Lot it be remembered that my statement was, that such obtrude upon the Senate any further remarks; nor is there a proposition proceeded from the Virginia delegation; not, any necessity for doing so. The whole cause of the alarum as the gentleman's remarks indicate, from the South gene. we have just heard, is the statement, by one newspaper rally.
editor, of what another newspaper editor has said; from But I proceed, in addition, to say: There was a time which the gentleman's prolificimagination has conjured up when the Southern States, and Virginia with the rest, were
“Gorgons, Hydras, and Chimeras dire." disposed to make an absolute and perfect surrender of all
[Here the debate on Mr. FOOT'S resolution was finally right to the waters of the Mississippi, but the Northern brought to a close.] and Eastern States opposed it. It was at the period of their greatest distress, and for the purpose of obtaining succor from Spain. For this I produced the speeches of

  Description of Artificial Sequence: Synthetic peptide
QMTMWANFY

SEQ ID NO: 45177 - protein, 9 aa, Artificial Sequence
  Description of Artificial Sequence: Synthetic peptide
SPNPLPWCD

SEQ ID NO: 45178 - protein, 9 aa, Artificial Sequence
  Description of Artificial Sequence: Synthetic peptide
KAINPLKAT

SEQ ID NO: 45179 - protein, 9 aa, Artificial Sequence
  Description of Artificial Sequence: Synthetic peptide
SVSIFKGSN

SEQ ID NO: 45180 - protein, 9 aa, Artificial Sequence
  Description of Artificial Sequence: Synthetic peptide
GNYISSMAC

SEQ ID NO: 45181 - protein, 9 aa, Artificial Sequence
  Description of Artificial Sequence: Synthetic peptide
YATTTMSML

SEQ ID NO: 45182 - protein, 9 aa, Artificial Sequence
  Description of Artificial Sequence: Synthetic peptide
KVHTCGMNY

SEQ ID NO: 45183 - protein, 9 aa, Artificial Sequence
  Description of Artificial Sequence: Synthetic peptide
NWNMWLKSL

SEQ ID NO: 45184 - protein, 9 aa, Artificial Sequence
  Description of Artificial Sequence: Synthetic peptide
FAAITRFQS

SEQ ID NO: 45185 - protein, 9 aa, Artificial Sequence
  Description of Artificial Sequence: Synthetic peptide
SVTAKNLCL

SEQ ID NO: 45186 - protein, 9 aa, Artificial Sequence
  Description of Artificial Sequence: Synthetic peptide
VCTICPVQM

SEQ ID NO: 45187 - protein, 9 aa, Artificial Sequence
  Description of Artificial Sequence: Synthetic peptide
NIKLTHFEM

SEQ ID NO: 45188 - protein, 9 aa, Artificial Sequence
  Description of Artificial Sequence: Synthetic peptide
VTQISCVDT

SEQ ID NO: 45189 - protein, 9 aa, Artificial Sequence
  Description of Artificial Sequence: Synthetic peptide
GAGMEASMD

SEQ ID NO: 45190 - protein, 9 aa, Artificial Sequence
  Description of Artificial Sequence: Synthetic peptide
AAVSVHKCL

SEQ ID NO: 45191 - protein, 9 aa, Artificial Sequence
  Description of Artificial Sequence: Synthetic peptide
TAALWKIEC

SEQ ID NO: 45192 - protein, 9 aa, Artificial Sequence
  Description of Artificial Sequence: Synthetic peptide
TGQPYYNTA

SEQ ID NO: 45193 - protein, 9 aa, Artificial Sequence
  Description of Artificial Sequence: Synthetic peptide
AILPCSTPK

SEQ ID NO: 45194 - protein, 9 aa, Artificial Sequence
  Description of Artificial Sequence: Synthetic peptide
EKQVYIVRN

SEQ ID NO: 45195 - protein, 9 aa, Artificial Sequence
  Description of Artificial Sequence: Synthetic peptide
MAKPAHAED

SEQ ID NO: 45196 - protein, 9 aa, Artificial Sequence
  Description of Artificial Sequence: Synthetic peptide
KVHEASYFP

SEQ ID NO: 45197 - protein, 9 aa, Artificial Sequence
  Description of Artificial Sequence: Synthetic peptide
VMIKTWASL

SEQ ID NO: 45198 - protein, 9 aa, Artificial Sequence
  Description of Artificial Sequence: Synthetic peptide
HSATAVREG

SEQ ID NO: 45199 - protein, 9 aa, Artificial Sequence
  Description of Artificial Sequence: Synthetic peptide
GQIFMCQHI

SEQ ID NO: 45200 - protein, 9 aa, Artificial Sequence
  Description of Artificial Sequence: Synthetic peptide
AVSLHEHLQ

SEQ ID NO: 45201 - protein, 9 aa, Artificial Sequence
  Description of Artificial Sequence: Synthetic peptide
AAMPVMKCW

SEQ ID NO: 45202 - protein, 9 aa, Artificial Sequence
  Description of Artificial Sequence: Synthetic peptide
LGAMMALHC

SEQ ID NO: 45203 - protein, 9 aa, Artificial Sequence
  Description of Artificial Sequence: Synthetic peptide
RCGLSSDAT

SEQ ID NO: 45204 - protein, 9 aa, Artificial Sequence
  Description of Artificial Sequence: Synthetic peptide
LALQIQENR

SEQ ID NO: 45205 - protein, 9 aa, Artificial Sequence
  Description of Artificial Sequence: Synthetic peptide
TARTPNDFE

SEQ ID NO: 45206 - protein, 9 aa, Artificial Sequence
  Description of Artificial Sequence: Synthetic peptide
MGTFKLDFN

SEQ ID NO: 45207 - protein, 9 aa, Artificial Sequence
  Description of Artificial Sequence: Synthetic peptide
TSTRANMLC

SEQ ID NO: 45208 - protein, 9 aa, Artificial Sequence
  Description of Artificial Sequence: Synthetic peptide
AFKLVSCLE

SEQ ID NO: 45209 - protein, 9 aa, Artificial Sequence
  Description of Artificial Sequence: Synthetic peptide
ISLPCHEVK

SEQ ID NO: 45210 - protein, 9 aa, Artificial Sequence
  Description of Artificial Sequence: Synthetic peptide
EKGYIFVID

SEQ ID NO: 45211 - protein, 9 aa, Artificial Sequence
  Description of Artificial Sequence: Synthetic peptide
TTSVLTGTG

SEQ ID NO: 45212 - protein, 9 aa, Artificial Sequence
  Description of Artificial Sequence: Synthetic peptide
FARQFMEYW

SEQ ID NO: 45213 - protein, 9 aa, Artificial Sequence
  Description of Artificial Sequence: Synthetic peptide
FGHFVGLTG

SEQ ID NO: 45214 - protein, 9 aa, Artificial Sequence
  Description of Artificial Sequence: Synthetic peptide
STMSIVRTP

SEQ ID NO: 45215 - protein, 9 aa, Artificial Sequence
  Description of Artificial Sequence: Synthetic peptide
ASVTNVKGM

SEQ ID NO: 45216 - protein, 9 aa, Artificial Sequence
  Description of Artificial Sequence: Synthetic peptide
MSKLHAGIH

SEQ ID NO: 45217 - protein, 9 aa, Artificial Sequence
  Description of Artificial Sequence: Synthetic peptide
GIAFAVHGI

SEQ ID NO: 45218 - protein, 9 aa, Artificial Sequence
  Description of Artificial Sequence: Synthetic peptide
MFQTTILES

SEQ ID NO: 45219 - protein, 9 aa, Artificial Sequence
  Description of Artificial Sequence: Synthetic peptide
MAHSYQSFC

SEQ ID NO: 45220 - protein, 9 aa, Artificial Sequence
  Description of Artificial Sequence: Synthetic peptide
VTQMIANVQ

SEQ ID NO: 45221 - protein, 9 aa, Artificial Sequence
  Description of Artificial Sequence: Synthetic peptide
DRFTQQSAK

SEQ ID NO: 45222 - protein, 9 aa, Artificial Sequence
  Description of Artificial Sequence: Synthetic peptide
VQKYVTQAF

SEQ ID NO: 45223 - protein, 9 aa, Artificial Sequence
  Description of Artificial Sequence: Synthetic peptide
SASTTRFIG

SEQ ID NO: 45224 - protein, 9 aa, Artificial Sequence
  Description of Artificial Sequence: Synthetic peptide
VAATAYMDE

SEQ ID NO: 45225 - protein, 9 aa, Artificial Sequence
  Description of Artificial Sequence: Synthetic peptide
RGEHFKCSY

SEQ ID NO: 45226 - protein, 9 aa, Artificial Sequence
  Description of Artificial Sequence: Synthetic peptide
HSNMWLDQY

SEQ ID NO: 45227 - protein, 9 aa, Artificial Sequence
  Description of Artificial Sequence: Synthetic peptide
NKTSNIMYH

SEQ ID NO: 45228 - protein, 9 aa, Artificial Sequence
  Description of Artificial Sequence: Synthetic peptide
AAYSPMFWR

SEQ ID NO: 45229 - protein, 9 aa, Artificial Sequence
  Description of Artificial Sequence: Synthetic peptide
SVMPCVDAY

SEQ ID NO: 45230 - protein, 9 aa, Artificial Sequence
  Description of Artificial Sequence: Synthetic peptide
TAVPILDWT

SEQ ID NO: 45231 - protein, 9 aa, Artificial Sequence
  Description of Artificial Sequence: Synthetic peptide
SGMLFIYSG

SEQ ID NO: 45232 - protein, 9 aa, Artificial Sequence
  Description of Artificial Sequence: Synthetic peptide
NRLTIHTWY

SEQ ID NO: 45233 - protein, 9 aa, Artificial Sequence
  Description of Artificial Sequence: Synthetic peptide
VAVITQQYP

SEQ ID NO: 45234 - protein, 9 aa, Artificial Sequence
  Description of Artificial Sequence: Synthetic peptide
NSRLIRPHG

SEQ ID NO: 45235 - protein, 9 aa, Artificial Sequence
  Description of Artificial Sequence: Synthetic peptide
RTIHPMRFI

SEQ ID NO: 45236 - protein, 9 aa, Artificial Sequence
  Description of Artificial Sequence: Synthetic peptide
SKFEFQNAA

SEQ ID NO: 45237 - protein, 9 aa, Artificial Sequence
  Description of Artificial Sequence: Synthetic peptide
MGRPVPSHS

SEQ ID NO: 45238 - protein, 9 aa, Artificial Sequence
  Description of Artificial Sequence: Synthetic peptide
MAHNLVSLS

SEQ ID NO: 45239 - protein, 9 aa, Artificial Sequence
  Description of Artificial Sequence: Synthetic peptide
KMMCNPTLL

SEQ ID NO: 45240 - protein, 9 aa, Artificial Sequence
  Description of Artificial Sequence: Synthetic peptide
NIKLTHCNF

SATURDAY, MAY 22, 1830. Mr. Madison and Mr. Monroe, and might have referred to
THE TARIFF. other distinguished names; but their authority is too strong The Senate took up for consideration the following bill: to be shaken, and too elevated to be reached by that gen Be it enacted, &c. That, in all cases where any merchant tleman. Indeed, he has not even adverted to their une of the United States shall bave given an order on a foquivocal and decisive testimony.t
reign manufacturer or merchant, or his agent or super
cargo, for foreign merchandise, previous to the first day • The Virginia proposition was made August 29th, 1786, of May, one thousand eight hundred and twenty-eighit
, and is to be found extending from page 87 to page 108 and shall make it appear, to the satisfaction of the Secre. of the 4th volume of the secret journals. In pages 105 tary of the Treasury, that the said order was given in the and 106, in the following resolution: